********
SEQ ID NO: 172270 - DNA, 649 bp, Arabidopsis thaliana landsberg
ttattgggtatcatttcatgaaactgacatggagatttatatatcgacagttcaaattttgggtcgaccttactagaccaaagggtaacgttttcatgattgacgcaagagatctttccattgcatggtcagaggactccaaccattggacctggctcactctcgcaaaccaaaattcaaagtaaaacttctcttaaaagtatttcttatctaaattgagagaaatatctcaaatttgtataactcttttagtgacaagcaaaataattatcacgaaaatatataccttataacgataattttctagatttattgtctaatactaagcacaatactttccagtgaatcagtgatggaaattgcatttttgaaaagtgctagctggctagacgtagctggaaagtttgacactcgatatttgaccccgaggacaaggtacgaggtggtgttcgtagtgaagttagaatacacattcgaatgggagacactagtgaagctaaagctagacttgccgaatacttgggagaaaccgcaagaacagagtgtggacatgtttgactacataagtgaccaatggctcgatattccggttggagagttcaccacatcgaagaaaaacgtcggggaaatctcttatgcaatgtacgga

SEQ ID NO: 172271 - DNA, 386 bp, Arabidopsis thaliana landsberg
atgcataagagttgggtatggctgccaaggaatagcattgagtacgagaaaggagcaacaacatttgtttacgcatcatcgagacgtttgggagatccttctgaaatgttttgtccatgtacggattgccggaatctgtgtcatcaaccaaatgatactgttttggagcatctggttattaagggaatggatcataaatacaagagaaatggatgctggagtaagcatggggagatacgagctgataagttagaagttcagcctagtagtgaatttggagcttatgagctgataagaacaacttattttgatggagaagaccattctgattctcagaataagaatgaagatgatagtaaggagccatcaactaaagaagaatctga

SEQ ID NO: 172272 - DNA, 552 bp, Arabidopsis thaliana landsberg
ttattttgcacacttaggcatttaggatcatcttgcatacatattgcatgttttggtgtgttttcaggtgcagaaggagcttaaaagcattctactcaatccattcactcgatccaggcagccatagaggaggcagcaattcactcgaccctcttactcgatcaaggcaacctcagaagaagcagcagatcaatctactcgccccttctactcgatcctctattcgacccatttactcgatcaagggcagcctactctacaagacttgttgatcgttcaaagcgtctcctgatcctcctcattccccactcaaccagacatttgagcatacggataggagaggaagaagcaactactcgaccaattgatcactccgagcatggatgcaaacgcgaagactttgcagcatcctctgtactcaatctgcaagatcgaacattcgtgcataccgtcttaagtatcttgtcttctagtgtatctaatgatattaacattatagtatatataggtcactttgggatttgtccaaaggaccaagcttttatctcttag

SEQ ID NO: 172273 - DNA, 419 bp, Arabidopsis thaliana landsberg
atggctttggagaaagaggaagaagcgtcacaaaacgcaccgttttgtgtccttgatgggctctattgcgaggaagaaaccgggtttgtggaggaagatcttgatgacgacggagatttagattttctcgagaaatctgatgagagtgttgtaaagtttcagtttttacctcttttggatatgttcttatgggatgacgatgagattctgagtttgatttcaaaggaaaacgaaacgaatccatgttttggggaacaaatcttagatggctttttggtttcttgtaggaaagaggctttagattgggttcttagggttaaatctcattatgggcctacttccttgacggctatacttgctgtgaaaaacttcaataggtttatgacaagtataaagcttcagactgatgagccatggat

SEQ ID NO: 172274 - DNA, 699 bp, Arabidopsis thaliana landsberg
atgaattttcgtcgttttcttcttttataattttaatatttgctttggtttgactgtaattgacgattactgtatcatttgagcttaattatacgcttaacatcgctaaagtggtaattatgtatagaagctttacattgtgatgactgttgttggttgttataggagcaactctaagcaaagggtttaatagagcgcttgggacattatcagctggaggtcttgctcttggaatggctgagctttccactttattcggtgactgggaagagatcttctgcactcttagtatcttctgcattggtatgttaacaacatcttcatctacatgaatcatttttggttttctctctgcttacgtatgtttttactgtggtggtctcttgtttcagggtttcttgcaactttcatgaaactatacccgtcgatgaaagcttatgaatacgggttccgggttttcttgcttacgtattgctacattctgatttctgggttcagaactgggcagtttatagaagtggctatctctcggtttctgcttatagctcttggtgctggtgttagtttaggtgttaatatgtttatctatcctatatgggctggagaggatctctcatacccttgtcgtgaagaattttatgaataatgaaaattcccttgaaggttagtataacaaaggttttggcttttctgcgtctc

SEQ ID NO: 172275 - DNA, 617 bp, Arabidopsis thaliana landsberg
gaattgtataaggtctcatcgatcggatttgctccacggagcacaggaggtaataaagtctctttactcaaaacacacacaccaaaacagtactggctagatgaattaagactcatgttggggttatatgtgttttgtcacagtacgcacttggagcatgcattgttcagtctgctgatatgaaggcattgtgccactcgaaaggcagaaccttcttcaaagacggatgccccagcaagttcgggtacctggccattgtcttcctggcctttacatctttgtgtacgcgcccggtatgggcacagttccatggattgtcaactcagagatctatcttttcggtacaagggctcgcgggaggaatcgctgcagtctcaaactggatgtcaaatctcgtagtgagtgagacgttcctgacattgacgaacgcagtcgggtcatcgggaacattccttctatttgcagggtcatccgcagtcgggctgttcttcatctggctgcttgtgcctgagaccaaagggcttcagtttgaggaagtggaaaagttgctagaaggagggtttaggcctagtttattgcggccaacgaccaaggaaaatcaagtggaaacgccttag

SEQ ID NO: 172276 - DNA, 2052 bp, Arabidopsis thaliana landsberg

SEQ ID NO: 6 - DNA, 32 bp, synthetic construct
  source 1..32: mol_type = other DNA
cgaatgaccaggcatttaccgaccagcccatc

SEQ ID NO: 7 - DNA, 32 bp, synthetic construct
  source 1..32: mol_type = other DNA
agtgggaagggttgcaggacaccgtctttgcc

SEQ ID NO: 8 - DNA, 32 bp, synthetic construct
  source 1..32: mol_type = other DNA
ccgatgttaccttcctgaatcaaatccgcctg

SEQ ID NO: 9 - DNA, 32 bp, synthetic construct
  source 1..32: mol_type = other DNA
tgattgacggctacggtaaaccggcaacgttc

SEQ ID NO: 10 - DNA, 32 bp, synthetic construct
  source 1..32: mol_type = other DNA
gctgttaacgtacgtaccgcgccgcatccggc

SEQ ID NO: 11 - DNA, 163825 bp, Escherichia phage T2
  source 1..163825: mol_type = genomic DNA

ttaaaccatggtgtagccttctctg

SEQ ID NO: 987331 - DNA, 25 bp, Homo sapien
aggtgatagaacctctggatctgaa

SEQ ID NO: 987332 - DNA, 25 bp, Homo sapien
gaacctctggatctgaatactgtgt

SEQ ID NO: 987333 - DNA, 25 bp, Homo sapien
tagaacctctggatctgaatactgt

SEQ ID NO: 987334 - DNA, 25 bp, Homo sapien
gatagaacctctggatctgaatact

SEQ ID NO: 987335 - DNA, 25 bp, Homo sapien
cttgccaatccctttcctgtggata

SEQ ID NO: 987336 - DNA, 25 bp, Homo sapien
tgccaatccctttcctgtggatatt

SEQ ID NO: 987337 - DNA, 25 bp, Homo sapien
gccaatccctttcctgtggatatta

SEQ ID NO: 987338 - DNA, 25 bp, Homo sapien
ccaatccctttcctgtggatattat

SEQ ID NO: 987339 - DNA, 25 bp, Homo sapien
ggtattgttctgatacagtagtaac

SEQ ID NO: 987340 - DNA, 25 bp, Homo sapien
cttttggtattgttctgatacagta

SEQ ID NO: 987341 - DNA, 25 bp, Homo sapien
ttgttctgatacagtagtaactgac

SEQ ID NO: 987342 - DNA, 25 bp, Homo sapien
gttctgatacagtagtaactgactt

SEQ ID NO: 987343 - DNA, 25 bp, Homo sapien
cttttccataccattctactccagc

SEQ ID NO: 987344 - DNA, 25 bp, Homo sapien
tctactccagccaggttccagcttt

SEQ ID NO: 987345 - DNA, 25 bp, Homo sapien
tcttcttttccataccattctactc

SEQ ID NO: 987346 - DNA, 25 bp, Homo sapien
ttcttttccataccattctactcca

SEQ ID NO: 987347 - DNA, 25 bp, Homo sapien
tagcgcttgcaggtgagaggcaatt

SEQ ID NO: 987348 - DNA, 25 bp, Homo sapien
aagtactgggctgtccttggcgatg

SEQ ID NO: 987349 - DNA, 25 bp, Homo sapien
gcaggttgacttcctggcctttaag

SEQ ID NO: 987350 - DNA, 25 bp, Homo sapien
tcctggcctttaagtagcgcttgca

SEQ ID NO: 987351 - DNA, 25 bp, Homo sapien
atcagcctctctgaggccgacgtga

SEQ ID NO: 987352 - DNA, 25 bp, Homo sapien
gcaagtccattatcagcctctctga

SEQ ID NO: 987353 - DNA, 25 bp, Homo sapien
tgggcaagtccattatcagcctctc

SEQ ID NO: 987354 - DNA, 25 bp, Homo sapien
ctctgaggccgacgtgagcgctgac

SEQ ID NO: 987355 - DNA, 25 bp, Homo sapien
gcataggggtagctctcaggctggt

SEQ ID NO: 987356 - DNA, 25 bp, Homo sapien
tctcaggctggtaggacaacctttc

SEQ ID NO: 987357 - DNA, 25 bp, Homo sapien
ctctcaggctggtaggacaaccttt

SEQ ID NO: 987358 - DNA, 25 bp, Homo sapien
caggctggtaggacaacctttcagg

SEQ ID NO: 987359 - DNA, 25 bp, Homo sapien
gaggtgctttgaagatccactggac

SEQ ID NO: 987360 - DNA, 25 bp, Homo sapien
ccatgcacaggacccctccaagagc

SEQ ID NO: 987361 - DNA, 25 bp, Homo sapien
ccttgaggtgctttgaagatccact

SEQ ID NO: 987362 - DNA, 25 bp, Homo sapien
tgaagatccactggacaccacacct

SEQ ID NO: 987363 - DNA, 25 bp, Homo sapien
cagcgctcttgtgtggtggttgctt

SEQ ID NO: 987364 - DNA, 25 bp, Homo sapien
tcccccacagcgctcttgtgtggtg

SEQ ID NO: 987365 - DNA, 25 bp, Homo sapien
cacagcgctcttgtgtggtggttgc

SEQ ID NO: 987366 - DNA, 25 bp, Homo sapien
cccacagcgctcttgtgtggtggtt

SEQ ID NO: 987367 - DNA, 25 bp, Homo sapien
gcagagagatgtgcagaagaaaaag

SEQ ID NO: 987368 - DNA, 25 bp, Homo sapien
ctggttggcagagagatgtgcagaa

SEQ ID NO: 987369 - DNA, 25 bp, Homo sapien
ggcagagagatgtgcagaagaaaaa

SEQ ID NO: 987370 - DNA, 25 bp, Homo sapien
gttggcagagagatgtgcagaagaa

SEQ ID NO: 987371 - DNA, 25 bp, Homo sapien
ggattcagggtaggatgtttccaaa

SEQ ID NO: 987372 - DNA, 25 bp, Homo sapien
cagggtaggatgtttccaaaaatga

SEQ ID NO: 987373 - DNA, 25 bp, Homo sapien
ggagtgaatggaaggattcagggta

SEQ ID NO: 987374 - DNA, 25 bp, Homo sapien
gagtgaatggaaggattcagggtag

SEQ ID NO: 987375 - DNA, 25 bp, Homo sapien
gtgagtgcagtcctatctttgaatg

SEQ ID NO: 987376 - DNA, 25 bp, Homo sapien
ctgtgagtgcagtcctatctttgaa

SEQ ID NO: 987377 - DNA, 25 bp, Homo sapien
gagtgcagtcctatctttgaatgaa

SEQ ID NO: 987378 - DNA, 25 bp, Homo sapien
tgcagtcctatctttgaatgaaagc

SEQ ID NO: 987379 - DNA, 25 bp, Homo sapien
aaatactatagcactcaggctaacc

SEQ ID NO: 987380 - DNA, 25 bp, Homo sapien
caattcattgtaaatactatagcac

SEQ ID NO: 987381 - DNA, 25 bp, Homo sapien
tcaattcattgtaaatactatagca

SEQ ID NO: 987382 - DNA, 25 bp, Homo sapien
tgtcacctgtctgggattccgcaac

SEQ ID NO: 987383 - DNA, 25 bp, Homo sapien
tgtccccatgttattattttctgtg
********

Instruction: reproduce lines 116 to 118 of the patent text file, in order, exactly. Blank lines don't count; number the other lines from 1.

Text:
SEQ ID NO: 987373 - DNA, 25 bp, Homo sapien
ggagtgaatggaaggattcagggta

SEQ ID NO: 987374 - DNA, 25 bp, Homo sapien